|News Round Up
As more witnesses take the stand in the Department of Justice’s challenge to the $85 billion merger of AT&T and Time Warner, the telco’s legal strategy is coming into focus. The DOJ case rests in part of a pair of surveys, one by an MIT professor hired by the department and another conducted on behalf of Charter, a rival telco who opposes the merger, to prove users would unsubscribe to their service without Turner Networks. In response, AT&T’s legal team is questioning the validity of online surveys, reports CNN. District Judge Richard Leon, who’s presiding over the case, may be sympathetic to that argument. He questioned on Tuesday how researchers are sure whether survey takers aren’t just clicking through to get paid. More.
Revenue On Lock
Taboola and ZTE, a Chinese smartphone manufacturer, tapped Taboola to serve news and lifestyle content to lock screens on some phones. Taboola is “pitching the module as a publisher-friendly Android version of Apple News,” reports The Wall Street Journal. But the Taboola feature wouldn’t exist in a standalone app, as Apple News does. Taboola founder and CEO Adam Singolda said the service will also traffic users directly to publisher pages, unlike Apple News, which keeps users in its app. Taboola and ZTE will share an undisclosed portion of the ad revenue from sending a user to a story, and Singolda said content marketers may eventually be allowed to pay to include links as well. More.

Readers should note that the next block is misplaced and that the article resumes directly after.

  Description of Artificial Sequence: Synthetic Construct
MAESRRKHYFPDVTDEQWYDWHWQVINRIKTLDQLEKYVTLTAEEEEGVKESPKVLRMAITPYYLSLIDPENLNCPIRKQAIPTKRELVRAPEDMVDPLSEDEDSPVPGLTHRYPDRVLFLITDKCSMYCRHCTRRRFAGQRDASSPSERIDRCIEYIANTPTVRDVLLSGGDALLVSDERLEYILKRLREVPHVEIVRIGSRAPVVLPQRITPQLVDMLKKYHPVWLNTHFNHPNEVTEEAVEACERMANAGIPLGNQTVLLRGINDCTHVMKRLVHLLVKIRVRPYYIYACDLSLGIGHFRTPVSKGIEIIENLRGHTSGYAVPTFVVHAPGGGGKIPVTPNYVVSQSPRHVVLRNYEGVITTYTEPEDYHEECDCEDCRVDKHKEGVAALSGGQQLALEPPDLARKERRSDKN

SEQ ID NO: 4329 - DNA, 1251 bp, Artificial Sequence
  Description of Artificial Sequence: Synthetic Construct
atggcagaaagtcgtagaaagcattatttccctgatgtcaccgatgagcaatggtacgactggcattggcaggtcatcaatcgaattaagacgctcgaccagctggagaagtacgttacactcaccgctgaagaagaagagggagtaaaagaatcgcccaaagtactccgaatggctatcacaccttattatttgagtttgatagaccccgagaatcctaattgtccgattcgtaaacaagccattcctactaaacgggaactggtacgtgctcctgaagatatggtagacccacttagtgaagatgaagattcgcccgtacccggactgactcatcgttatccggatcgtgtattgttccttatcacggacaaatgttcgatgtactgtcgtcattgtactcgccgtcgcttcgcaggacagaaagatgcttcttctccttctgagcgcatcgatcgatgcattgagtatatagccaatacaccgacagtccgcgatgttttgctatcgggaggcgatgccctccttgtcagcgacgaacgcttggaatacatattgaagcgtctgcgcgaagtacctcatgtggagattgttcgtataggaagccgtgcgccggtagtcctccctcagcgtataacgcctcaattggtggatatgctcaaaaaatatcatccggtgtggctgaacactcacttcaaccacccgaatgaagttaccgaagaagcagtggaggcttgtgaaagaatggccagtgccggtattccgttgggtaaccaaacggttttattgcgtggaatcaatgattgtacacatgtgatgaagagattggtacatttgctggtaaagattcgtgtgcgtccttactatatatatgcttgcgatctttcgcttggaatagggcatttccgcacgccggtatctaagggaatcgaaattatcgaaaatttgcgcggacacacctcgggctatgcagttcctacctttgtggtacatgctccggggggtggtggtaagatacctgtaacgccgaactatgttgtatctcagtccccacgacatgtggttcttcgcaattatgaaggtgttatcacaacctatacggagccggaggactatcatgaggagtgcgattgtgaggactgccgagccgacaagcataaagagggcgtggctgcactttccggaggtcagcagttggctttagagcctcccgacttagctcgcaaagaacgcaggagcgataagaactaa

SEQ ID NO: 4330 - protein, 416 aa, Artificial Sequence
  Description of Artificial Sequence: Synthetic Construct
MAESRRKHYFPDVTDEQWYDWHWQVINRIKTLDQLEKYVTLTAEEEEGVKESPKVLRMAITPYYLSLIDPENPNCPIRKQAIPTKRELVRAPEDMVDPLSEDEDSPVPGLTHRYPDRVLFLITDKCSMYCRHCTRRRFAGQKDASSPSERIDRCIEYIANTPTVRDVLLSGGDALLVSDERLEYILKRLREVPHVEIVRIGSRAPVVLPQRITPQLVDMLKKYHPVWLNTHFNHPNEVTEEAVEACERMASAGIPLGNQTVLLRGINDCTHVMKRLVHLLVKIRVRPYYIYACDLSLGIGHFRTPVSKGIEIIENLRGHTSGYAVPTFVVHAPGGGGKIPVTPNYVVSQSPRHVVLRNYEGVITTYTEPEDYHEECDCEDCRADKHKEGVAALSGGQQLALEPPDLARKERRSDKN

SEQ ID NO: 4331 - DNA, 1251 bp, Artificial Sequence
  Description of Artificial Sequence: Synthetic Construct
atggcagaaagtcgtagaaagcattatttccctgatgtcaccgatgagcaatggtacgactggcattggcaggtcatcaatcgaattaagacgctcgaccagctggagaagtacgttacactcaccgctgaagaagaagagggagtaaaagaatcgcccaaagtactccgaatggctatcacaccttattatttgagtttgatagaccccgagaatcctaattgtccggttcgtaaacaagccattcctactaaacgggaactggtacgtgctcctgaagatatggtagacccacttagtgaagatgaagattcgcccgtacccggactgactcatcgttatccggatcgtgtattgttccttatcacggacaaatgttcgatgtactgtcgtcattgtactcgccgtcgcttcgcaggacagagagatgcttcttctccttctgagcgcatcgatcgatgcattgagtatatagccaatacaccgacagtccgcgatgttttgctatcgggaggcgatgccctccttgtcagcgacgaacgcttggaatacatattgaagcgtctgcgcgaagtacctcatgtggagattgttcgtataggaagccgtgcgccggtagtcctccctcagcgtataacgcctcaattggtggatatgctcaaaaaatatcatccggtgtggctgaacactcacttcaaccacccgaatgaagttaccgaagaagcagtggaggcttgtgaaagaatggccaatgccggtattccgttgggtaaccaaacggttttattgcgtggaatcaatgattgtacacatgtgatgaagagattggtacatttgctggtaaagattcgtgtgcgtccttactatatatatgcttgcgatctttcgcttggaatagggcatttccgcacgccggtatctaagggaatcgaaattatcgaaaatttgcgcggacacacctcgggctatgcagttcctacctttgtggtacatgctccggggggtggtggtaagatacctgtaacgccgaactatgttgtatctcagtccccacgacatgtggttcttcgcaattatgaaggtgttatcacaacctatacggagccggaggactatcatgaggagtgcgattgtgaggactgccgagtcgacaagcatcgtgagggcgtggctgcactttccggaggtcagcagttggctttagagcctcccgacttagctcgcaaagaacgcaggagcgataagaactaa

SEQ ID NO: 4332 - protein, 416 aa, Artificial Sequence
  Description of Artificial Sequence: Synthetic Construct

After some editorial downsizing and a slog through a digital evolution, Condé Nast is betting on video. But it’s a risky move, as The New York Times points out in a profile. Video is expensive and the audiences aren’t massive enough for effective monetization. Yet execs at various Condé properties have high hopes. Craig Kostelic, chief business officer of The Lifestyle Collection, told the Times that he hopes video will be half its business in 24 months. The Times notes that Condé’s video producers are down on Facebook, where engagement is lacking, but bulling about YouTube. And as for revenue? That’s split between ads and sponsorships. More.
WPP CEO Martin Sorrell denied wrongdoing after WPP confirmed it’s investigating him for alleged misconduct and misuse of company funds [AdExchanger coverage]. “I reject the allegation unreservedly but recognise that the Company has to investigate it,” he wrote. “As a significant share owner, my commitment to the company, which I founded over thirty years ago, remains absolute – to our people, our clients, our shareholders and all of our many stakeholders. I do not intend to make any further statement at this time.” MediaPost has more. Meanwhile, the Drum put forward a list of Sorrell’s possible successors. Read it.
But Wait, There’s More!